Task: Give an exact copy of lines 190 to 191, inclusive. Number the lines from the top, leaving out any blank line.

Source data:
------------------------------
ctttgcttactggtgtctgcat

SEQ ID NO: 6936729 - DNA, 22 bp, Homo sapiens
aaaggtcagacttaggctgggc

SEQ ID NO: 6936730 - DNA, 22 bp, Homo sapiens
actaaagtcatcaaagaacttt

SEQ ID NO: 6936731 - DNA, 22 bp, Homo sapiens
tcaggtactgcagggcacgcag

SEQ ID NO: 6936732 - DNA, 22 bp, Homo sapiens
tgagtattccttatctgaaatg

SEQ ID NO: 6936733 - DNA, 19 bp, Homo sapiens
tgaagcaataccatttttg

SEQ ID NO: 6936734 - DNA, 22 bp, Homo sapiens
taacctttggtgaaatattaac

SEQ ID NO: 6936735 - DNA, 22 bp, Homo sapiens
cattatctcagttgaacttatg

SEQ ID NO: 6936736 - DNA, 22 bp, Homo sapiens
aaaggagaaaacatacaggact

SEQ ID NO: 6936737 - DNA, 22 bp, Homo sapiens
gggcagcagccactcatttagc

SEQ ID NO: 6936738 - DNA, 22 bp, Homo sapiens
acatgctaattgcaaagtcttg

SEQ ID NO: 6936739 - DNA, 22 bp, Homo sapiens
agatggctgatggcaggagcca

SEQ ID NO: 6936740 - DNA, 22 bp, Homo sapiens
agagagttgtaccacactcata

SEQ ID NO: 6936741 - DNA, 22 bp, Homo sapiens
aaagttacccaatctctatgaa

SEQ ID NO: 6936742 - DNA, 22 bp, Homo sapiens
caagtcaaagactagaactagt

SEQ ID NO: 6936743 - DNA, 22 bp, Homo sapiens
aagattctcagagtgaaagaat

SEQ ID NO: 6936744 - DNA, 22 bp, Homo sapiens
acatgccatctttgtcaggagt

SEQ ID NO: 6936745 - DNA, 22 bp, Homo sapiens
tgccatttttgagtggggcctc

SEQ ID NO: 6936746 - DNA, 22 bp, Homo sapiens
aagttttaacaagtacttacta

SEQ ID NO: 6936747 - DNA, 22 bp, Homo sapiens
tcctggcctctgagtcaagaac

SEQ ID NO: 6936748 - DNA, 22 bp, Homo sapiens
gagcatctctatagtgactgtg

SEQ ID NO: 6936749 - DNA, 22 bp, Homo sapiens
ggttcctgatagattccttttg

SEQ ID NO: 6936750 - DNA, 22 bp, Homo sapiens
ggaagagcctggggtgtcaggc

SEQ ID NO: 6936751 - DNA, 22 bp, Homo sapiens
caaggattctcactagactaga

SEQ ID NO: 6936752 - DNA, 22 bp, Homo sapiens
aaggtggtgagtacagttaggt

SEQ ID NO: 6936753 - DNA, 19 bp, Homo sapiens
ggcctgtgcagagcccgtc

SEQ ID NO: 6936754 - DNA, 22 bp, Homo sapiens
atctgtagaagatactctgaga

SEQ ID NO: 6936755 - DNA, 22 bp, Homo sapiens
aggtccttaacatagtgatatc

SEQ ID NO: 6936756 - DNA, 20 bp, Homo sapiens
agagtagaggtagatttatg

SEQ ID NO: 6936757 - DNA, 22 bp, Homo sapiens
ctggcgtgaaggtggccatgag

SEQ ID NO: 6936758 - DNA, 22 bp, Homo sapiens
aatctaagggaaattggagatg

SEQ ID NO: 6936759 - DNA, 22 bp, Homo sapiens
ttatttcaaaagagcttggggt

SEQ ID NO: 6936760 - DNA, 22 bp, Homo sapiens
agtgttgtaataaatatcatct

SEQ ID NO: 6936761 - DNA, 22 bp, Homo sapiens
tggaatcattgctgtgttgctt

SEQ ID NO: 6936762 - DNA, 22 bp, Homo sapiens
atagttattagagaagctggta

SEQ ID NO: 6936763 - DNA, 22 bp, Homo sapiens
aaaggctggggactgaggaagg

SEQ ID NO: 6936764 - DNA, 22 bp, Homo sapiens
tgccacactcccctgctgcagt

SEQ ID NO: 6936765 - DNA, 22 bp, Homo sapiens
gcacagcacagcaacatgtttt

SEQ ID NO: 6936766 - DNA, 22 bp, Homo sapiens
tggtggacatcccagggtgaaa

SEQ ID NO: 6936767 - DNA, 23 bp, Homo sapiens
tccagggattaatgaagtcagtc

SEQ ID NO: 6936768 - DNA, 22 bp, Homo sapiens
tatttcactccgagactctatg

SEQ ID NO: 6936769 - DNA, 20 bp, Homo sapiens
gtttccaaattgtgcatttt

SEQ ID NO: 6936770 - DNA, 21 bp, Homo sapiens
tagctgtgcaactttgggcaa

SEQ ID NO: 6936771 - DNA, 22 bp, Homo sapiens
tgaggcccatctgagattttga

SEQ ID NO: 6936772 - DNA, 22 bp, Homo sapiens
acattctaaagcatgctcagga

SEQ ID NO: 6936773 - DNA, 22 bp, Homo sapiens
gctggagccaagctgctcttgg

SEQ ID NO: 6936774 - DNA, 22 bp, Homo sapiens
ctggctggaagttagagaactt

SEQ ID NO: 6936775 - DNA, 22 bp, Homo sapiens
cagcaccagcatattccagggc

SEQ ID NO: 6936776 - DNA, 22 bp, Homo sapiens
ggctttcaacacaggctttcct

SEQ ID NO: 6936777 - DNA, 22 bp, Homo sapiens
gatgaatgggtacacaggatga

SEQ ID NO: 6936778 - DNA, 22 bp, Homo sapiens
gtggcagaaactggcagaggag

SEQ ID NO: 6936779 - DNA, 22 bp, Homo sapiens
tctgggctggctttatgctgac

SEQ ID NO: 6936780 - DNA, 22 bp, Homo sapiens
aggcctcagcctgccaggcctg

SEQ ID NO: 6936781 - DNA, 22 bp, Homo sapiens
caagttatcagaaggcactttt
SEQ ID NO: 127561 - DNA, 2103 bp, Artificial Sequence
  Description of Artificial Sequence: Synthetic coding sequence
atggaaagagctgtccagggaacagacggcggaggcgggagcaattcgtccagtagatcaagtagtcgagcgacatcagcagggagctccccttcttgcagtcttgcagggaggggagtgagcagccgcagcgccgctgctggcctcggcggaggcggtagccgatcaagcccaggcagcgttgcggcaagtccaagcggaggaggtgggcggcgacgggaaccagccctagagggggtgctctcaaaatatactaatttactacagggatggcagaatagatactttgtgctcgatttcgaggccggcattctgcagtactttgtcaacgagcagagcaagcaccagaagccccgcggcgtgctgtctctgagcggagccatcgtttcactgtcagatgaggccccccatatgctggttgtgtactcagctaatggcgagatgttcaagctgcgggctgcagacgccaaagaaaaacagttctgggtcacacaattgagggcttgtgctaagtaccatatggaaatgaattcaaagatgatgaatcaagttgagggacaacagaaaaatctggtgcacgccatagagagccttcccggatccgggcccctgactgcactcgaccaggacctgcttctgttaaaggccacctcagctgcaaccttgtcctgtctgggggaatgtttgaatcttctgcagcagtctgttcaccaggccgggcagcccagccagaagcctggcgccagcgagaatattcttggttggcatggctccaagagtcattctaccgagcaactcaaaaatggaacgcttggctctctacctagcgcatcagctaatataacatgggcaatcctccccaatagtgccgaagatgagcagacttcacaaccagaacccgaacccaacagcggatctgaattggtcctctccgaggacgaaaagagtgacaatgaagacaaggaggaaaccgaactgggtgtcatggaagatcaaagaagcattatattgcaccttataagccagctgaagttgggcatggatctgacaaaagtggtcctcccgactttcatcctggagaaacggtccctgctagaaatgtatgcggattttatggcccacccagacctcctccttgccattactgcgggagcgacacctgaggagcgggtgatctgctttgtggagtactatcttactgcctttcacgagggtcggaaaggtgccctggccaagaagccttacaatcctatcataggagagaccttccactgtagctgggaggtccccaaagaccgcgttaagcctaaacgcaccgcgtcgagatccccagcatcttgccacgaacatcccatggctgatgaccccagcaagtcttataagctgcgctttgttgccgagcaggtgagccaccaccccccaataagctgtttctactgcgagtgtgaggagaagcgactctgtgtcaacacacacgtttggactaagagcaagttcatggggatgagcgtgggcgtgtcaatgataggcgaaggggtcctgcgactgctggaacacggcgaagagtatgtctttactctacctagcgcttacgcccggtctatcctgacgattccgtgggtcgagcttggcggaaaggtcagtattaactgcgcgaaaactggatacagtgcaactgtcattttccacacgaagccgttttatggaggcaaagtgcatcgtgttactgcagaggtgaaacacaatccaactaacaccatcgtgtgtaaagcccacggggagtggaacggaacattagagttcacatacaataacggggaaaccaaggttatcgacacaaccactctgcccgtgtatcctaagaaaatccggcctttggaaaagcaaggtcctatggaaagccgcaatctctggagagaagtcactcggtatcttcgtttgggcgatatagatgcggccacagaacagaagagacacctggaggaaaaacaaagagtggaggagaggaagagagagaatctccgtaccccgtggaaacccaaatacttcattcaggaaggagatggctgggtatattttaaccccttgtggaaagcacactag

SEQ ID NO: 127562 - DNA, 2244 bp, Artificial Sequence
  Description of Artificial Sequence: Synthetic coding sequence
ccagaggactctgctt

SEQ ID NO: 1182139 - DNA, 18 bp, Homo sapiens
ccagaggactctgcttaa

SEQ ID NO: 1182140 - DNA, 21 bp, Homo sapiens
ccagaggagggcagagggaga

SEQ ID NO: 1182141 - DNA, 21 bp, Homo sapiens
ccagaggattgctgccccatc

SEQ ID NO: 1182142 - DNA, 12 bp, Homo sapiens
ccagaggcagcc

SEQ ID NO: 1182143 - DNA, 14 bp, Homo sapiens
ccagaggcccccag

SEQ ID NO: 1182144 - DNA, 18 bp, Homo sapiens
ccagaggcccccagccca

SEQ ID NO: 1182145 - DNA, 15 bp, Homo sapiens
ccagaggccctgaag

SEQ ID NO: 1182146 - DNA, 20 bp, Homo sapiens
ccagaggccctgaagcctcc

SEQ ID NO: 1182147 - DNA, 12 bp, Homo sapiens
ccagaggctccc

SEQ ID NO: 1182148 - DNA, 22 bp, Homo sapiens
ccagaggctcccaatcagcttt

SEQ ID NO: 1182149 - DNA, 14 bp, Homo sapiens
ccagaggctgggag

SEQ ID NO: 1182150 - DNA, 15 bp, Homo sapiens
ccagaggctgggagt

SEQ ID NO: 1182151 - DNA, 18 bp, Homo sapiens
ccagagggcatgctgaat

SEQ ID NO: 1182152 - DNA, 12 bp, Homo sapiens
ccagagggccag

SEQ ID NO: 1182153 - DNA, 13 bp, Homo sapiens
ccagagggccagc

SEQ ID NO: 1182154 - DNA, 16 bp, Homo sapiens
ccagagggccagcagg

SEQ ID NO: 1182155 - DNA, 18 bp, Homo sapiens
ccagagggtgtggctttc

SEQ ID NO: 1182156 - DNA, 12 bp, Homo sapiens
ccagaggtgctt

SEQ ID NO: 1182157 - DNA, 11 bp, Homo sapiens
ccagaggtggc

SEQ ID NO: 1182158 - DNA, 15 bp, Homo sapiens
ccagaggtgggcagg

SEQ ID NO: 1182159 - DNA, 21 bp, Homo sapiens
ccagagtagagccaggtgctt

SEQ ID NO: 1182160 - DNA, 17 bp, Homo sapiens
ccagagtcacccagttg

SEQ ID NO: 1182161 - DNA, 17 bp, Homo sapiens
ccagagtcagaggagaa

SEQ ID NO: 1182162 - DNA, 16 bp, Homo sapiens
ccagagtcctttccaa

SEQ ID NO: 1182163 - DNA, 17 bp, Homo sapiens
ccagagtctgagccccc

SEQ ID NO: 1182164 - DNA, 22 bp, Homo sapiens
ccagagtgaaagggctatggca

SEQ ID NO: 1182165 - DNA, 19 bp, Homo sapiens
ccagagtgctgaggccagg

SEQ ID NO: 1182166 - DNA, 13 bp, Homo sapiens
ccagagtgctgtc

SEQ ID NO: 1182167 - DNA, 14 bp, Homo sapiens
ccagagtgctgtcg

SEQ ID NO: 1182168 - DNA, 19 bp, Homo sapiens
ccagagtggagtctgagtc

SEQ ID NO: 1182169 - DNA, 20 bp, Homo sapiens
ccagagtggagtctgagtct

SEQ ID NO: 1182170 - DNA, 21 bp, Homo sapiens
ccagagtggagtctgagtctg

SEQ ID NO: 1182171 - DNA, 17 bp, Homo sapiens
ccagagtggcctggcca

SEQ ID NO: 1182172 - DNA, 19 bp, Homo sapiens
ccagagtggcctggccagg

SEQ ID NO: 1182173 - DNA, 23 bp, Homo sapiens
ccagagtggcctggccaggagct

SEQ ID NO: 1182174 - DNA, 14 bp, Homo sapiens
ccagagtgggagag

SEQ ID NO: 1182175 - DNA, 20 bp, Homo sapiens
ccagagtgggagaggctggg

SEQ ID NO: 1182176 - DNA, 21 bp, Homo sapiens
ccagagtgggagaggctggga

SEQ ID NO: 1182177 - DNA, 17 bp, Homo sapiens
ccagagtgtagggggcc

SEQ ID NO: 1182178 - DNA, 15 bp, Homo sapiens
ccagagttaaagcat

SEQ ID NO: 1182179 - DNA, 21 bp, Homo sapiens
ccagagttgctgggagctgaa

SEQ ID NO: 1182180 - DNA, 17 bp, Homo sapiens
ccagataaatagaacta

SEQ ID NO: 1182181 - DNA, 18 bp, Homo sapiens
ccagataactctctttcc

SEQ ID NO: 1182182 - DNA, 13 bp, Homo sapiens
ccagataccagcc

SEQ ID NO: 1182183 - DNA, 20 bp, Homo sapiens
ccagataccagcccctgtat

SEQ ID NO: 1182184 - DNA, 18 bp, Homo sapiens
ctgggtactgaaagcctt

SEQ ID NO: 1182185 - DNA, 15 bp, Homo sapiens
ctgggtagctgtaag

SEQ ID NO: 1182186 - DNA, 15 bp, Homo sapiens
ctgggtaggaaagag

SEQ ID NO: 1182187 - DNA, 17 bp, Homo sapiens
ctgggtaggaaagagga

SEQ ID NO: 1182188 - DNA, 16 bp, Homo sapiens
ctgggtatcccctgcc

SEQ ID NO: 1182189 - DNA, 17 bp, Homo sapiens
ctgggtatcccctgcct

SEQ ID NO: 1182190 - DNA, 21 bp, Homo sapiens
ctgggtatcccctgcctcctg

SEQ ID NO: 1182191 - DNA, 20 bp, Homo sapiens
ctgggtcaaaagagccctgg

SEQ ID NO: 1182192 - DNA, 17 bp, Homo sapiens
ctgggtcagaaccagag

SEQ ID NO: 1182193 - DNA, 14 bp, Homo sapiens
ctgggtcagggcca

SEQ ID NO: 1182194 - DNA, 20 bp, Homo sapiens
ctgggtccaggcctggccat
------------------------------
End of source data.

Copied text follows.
SEQ ID NO: 1182177 - DNA, 17 bp, Homo sapiens
ccagagtgtagggggcc